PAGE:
Grow Light Guide
Are you just starting to grow and wondering what lighting you need for your grow room? Don't worry, we've got a break down of lighting options as well as some recommendations. Are there more lighting types than what we list? Yes, but we're keeping things simple and listing the most common grow light options.
Fluorescent Grow Lights
T5 and CFLFluorescent lighting is one of the simplest ways to light your garden and is most often used in a grower's veg room. Another reason for their popularity is that they produce less heat than HID since they are more efficient. The most common fluorescent grow lights are T5 grow lights and CFL grow lights. T5 Fluorescent grow light fixtures for indoor gardening are all-in-one systems, meaning that no external ballast in needed and has built in reflectors, and in most cases will come with bulbs installed and may offer a grow or bloom version. CFL grow lights for indoor gardening are usually either smaller 25w medium base socket (standard light socket) or 125w CFLs. Be sure you are buying industry specific lighting, like the lighting we sell, rather than buying from a lighting supply store. Indoor gardening industry CFLs are self-ballasted, meaning they just screw into a CFL reflector and you're good to go. Buying a cheap 125w CFL from a general lighting supply store and you'll most likely end up with a non-ballasted bulb as it is meant to go into an outdoor lighting fixture that has a built-in ballast.
The trade-off for the simplicity and lack of heat comes in the form of less usable plant growth specific light and less light penetration. Many growers use fluorescent for veg growth only or as supplemental lighting in flower, as it can produce lackluster results as the primary light source in bloom due to the lack of light penetration. If you do flower with fluorescents, we recommend using a canopy growing method like a screen of green. This allows you to maximize the fluorescent lighting and reduces your need for penetrating light. For grower's looking to maximize the T5 veg lights, Hortilux recently released the first and only indoor gardening veg specific T5 bulb called the PowerVEG Tube, though they are about 3x the price of a standard T5 grow bulb.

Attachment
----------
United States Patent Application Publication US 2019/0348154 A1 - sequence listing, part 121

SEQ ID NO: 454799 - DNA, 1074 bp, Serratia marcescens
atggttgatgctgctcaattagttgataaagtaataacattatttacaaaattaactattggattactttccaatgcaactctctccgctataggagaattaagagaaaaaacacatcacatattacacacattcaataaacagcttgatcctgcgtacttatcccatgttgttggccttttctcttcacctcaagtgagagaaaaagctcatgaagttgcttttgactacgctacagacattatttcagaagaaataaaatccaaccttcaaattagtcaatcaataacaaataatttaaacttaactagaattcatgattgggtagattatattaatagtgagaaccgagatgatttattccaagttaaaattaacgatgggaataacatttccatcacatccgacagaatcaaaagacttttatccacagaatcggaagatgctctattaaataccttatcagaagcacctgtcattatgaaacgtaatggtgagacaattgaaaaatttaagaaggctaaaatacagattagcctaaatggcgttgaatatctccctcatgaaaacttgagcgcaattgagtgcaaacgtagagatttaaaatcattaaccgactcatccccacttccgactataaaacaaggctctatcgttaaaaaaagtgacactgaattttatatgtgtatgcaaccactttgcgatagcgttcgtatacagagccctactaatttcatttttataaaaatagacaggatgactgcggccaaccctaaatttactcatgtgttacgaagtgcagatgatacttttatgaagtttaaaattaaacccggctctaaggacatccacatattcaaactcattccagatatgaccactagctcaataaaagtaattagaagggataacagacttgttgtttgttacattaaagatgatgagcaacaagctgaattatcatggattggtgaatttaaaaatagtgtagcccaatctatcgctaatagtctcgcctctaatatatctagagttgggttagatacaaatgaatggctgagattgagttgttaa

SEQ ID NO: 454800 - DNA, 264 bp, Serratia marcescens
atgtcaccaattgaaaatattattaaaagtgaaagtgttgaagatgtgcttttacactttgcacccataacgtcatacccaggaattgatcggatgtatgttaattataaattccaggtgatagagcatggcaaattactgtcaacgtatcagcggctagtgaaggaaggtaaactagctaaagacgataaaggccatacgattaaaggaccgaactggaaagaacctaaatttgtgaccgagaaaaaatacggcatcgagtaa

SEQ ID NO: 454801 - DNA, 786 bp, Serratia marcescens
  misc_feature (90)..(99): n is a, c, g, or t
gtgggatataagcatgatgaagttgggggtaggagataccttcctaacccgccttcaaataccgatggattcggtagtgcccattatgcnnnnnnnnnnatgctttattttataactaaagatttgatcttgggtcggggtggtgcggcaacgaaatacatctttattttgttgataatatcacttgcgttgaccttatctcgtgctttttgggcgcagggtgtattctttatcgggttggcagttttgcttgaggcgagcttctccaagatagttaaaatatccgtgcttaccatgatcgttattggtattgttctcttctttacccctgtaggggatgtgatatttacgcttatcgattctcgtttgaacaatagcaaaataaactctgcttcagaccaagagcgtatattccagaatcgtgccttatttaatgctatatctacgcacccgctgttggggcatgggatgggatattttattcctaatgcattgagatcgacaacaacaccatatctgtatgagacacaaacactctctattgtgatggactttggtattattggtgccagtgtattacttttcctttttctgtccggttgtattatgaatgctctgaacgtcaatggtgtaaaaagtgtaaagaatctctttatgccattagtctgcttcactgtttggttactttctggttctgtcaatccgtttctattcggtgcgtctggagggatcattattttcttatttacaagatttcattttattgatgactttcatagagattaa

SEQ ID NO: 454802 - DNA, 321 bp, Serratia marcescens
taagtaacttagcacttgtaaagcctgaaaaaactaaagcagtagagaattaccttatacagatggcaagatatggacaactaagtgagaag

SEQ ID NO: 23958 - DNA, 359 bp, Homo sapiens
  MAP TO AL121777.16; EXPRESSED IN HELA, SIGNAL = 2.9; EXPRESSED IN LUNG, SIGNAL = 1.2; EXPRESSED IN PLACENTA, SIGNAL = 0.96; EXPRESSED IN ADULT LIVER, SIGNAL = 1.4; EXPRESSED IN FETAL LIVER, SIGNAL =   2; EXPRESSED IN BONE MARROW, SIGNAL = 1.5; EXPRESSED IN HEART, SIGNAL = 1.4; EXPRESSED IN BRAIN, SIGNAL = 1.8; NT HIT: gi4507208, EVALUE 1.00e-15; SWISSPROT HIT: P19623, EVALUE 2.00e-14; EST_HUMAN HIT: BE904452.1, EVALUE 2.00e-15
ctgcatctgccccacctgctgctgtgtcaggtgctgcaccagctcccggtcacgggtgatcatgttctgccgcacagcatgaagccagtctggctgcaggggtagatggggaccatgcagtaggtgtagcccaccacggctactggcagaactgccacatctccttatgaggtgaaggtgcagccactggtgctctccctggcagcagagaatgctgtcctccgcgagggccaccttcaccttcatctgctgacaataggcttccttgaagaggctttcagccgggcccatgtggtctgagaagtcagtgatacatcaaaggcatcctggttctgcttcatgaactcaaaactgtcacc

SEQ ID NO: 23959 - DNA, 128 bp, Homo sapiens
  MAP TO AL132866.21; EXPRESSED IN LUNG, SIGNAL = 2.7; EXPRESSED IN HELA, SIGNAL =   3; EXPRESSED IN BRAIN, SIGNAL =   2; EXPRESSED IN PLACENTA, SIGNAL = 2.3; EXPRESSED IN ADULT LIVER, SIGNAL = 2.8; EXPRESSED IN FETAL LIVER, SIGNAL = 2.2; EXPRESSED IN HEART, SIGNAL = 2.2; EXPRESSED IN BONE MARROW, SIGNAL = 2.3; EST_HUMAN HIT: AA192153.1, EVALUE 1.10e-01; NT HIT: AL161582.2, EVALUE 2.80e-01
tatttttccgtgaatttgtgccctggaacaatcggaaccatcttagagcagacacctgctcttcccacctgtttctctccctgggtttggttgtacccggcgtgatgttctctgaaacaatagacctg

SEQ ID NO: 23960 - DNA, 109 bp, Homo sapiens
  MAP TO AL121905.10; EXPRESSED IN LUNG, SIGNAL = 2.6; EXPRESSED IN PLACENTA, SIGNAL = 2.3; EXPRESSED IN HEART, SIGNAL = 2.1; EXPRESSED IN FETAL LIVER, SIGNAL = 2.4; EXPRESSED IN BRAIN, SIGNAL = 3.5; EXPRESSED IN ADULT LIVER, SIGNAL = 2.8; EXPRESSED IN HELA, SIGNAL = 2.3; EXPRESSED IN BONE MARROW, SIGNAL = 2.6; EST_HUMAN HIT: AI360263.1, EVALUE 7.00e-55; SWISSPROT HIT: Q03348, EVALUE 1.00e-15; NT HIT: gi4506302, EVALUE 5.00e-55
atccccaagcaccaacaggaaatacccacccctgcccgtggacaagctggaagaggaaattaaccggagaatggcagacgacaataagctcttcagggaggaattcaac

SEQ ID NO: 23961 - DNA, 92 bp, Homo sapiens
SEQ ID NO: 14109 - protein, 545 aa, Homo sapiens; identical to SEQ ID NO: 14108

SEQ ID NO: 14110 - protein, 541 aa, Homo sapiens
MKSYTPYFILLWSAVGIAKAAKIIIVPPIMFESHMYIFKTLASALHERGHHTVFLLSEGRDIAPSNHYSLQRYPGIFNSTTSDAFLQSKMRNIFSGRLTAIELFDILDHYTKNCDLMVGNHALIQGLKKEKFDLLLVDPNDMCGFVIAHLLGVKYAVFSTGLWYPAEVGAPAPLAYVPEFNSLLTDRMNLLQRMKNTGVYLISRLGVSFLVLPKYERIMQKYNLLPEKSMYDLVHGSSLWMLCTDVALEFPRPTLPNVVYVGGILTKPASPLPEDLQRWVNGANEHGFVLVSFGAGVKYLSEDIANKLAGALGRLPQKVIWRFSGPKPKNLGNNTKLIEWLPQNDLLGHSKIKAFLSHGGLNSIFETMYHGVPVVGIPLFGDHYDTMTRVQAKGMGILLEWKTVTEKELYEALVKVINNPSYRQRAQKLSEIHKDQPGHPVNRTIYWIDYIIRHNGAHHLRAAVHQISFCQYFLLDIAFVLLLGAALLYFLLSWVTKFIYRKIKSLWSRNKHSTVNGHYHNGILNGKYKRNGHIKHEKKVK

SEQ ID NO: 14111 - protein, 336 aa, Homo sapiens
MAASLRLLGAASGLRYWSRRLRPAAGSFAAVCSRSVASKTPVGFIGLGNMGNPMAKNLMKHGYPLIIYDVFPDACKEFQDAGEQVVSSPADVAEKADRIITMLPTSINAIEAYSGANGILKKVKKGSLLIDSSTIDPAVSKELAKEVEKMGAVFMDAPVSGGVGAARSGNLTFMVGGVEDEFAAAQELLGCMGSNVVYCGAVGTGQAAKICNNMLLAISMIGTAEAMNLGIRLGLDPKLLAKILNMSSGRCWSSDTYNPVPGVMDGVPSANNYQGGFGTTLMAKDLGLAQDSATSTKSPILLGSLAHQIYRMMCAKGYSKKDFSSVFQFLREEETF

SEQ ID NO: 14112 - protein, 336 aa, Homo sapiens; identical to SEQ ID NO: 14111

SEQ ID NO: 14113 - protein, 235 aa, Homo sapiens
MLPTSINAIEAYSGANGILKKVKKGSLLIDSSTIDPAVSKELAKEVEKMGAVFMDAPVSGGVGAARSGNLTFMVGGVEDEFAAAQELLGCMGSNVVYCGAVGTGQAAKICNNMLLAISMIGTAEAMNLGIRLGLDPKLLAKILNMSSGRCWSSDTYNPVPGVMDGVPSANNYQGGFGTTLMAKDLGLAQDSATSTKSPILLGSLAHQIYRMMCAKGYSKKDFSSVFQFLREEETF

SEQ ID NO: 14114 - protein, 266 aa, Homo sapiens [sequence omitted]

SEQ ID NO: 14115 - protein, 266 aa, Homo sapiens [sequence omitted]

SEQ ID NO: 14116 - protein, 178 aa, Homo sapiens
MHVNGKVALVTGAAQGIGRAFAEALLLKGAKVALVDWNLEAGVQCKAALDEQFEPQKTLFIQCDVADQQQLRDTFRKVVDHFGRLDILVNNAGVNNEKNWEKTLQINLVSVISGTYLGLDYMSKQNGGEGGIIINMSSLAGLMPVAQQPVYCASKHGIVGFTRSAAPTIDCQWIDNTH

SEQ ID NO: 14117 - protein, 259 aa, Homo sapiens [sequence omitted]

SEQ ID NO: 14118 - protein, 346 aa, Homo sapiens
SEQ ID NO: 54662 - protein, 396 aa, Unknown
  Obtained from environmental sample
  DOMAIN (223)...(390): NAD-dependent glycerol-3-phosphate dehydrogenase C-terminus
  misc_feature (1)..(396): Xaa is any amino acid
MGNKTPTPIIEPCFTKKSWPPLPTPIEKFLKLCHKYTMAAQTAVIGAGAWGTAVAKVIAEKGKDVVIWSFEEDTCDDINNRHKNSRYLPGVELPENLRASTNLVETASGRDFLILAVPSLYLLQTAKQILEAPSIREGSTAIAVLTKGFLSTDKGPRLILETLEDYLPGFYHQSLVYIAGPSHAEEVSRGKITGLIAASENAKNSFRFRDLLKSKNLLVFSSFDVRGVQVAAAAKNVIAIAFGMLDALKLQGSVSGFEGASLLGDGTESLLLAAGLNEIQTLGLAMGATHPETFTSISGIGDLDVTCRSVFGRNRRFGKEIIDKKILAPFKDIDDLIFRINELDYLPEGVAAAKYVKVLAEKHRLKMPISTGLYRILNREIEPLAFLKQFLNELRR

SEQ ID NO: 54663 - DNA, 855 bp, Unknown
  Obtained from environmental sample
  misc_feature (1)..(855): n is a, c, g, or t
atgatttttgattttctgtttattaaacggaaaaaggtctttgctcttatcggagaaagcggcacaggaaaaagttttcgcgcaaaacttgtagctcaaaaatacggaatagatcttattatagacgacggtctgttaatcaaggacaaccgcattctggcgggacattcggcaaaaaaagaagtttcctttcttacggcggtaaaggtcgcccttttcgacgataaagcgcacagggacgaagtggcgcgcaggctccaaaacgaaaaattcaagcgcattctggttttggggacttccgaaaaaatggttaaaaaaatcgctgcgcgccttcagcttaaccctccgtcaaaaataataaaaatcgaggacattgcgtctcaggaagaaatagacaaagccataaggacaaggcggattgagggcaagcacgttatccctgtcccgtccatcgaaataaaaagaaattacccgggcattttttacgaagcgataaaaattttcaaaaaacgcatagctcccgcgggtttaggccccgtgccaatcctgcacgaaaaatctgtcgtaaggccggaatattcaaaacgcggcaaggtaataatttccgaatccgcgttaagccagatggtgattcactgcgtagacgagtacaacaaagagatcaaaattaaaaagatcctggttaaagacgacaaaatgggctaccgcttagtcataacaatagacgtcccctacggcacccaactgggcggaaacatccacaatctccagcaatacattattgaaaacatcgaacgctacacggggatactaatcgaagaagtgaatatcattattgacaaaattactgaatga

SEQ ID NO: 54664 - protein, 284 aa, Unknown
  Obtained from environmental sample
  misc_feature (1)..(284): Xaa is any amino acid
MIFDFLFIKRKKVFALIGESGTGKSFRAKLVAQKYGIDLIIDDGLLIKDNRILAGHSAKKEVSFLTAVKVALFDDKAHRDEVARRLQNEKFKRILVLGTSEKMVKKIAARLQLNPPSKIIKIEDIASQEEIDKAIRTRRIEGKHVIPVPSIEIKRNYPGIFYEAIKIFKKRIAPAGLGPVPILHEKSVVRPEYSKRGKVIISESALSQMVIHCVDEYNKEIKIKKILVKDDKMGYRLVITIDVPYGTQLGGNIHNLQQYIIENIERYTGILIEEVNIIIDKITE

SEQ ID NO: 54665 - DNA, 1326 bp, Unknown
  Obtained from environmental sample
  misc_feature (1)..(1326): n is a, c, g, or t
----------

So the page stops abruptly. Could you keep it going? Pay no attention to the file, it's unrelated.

HID Grow Lights
Metal Halide (MH) or High Pressure Sodium (HPS) Lamps*
Both MH and HPS fall under the High Intensity Discharge (HID) category of grow lights. HID grow lights require a reflector/fixture, bulb and ballast. These pieces are all separate unless kitted together, and occassionally you may see a fixture with integrated ballast.
MH lamps produce a blueish to yellow spectrum that is especially suited to the vegetative/growing stage of plant growth. HPS lamps produce a red/orange spectrum that is especially suited for the blooming/budding stage of plant growth. So if you're vegging your plants Metal Halide is the better option, and if your blooming your plants High Pressure Sodium is the better option. If you can only have one bulb, typically you will want to pick a HPS lamp since the blooming yield is the more important aspect. Both MH and HPS bulbs produce a significantly higher amount of heat (and are, therefore, less energy efficient) than LED or fluorescent fixtures, but generates better usable light than fluorescent and is more affordable than LED grow lights.
Dual Arc Lamps
Dual arc lamps are another bulb type for HID lighting. While a dual arc lamp is technically a HPS lamp, dual arc lamps contain both bulb type components to give you a more natural, fuller spectrum. For example, a 1000W dual arc lamp is contains a 600W HPS component and 400W MH component.
Double Ended Lamps (DE)
Double Ended Lamps have gained popularity in the past couple of years. Voltage is generated at both ends for more even burning of gases inside the tube and a more stable spectral output, allowing them to have a 10% increase in light intensity and PAR output over traditional HPS lamps. DE lamps also emit more UV and IR light (over traditional HPS), increasing potency and essential oil production in plants. Because these bulbs degrade slower than traditional HPS lamps, a double-ended lamp will still be putting out 90% of its original intensity after 10,000 hours. While DE grow lights still need 3 traditional components like standard HID lighting, ballast, lamp and reflector, DE lighting is more commonly available in all-in-one reflector/ballast units than regular MH/HPS grow light setups.
The trade-off for Double Ended grow lights is that you can't use traditional HID hardware. DE grow lights require specific DE reflectors, DE exclusive or compatible ballasts, and specialty DE grow light bulbs. Besides different equipment, you'll also need to plan your grow room setup for open reflectors, as most DE reflectors are open with no cool ports or glass. This is due to the glass filtering out a large portion of the UV and IR that the DE grow light puts out, making an air cooled DE grow light not much better than a standard HPS grow light.
Ceramic Metal Halide (CMH)